Is this safe?

I am using an eval so I dont have to check avery case of a permission.

def folder_permission(folder_id, per)
permissions =
self.user_folder_permissions.find_by_folder_id(folder_id)
return true unless permissions.blank? or not
eval(“permissions.”+per)
return false
end

This function is called from private method in file controller.

def authorize_creating
unless
session[:user].folder_permision(params[:folder_id],“can_create”)
flash.now[:folder_error] = “You don’t have create permissions for
this
folder.”
redirect_to :controller => ‘file’, :action => ‘error’ and return
false
end
end

So am I safe to use this, is this efficient for ruby?

thanks

PAco

On Mar 26, 9:11 pm, “Paco Viramontes” [email protected] wrote:

I am using an eval so I dont have to check avery case of a permission.

def folder_permission(folder_id, per)
permissions = self.user_folder_permissions.find_by_folder_id(folder_id)
return true unless permissions.blank? or not eval(“permissions.”+per)
return false
end

I’d just write permissions.send(per) rather than use the eval. I don’t
think you’re opening yourself up to anything super bad, but it seems
like a big sledgehammer being used for a rather small nut.

Fred

On Mar 26, 2008, at 5:16 PM, Frederick C. wrote:

end

I’d just write permissions.send(per) rather than use the eval. I don’t
think you’re opening yourself up to anything super bad, but it seems
like a big sledgehammer being used for a rather small nut.

Fred

Go with .send(per), but doesn’t the structure of that hurt your head?!

def folder_permission(folder_id, per)
if permission =
self.user_folder_permissions.find_by_folder_id(folder_id)
permission.send(per) rescue false
else
false
end
end

Having that “unless A or not B” in there has got to be confusing (or
it will be a month from now).

-Rob

Rob B. http://agileconsultingllc.com
[email protected]

On Wed, Mar 26, 2008 at 5:58 PM, Rob B.
[email protected] wrote:

eval(“permissions.”+per)
Go with .send(per), but doesn’t the structure of that hurt your head?!
end

Having that “unless A or not B” in there has got to be confusing (or
it will be a month from now).

I’d consider a more radical refactoring (all untested of course):

in the models (I’m assuming the folder_permission method is in the
User model based on the controller code, and there’s a Permissions
model):

class Permissions < ActiveRecord::Base

class NoPermissions < Permissions
def can_not
false
end
[:can_create, :can_read, :can_write].each {|meth|
alias_method(meth, :can_not)}
end

def Permissions.none
@no_permissions ||= NoPermissions.new
end
end

class User < ActiveRecord::Base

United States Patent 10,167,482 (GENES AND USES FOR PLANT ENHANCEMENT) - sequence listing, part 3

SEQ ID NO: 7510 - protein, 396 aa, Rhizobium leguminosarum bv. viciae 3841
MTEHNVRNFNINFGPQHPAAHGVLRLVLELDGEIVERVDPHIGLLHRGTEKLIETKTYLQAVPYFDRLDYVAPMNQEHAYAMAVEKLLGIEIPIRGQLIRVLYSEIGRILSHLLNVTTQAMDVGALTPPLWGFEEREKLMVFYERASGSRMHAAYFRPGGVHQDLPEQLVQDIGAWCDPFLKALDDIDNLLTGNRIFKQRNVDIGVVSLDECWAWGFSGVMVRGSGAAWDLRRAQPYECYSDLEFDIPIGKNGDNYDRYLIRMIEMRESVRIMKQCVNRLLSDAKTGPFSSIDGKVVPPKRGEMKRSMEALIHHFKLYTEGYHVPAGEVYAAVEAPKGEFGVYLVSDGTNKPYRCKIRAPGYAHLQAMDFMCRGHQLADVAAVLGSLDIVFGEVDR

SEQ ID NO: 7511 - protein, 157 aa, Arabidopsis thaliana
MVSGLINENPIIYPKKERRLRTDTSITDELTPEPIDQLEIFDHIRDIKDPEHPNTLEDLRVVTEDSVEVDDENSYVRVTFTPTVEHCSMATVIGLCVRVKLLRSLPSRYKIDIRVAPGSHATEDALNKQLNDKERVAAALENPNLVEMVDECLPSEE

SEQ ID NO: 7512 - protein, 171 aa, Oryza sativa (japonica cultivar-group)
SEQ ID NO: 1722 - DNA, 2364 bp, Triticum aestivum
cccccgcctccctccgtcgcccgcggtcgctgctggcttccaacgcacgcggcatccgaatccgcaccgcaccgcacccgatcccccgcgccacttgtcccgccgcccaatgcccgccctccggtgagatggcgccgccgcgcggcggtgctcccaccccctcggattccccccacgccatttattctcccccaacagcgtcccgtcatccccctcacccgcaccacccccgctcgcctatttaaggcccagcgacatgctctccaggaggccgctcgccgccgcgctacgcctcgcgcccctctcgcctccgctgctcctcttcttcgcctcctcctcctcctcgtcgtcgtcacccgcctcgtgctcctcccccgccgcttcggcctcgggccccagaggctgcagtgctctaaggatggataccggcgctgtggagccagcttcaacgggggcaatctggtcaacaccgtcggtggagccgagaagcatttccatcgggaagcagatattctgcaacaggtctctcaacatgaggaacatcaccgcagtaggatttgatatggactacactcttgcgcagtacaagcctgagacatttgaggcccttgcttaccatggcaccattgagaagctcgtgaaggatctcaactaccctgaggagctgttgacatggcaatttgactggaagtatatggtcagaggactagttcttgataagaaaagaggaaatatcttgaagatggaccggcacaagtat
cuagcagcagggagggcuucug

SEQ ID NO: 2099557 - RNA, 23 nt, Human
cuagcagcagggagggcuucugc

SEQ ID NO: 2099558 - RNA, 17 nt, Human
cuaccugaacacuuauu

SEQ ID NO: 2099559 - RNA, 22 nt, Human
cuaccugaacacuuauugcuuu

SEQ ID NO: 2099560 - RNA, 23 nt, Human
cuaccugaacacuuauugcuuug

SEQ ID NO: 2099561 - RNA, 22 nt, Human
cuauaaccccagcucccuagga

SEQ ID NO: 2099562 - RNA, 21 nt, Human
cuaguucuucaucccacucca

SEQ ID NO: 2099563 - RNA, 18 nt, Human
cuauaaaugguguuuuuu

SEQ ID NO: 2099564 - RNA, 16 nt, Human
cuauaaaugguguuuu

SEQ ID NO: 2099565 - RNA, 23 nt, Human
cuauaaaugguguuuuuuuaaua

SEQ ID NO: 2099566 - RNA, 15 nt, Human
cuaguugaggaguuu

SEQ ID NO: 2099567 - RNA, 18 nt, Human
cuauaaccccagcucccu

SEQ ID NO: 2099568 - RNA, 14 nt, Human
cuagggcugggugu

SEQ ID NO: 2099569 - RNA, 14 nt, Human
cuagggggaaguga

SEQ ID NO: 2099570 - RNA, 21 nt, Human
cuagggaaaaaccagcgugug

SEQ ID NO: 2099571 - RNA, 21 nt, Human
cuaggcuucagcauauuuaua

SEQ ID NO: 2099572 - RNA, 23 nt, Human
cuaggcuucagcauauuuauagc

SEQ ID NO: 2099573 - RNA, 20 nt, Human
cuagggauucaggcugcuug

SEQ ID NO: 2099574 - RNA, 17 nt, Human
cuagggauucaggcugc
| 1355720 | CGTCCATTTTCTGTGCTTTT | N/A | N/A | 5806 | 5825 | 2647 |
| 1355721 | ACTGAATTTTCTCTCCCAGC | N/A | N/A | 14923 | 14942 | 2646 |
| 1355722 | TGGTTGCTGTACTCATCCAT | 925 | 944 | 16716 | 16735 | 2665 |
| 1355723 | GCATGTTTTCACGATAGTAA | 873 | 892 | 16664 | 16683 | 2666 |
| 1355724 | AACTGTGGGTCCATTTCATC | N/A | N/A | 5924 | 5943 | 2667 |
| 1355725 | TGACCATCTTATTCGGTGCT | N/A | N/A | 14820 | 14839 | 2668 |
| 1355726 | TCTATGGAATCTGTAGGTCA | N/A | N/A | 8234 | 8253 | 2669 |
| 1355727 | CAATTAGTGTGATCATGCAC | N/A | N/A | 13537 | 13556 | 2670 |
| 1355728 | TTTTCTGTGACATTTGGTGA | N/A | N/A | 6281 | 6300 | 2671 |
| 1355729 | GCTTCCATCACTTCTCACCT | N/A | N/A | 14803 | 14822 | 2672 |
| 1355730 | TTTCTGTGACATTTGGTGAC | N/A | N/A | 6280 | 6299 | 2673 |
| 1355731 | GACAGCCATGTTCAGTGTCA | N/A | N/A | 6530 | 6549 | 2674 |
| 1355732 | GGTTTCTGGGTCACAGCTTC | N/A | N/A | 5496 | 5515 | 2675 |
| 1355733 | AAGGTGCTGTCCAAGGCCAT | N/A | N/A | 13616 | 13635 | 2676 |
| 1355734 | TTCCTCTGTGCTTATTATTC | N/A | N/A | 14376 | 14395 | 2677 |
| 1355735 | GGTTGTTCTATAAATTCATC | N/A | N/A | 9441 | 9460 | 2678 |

def permissions_for_folder(folder_id)
user_folder_permissions.find_by_folder_id(folder_id) ||
Permissions.none
end

And the controller method becomes:

def authorize_creating
unless session[:user].
permissions_for_folder(params[:folder_id]).can_create)
flash.now[:folder_error] = “You don’t have create permissions
for this folder.”
redirect_to :controller => ‘file’, :action => ‘error’ and return
false
end
end

I might also think about renaming the can_xx methods to something like
allows_xxx? or permits_xxx? which would read a bit better I think.


Rick DeNatale

My blog on Ruby
http://talklikeaduck.denhaven2.com/

On Apr 1, 1:49 pm, “Paco Viramontes” [email protected] wrote:

user_id :integer(11) default(0)


Also if the permissions_for_folder receives folder_id why do you call it
like this?
permissions_for_folder(params[:folder_id]).can_create)

Because params[:folder_id] contains the folder_id ?

Given your schema above, it does seem like you want to use Rick’s
approach of 1) get the permissions object, 2) ask it about the
particular permission

permission_for(…).can_create?

What’s the point in having those methods if you’re going to bend over
backwards to call them via eval or send? You may want to consider
caching the retrieved permission object also.

Ok, thanks I like your aproach Rick but I dont quite get what your are
doung
there in the permissions model. My model actually looks like this:

== Schema Information

Schema version: 21

Table name: user_folder_permissions

id :integer(11) not null, primary key

folder_id :integer(11) default(0)

user_id :integer(11) default(0)

can_create :boolean(1)

can_read :boolean(1)

can_update :boolean(1)

can_delete :boolean(1)

class UserFolderPermission < ActiveRecord::Base
belongs_to :user
belongs_to :folder
end


Also if the permissions_for_folder receives folder_id why do you call it
like this?
permissions_for_folder(params[:folder_id]).can_create)

On Fri, Mar 28, 2008 at 6:23 AM, Rick DeNatale [email protected]

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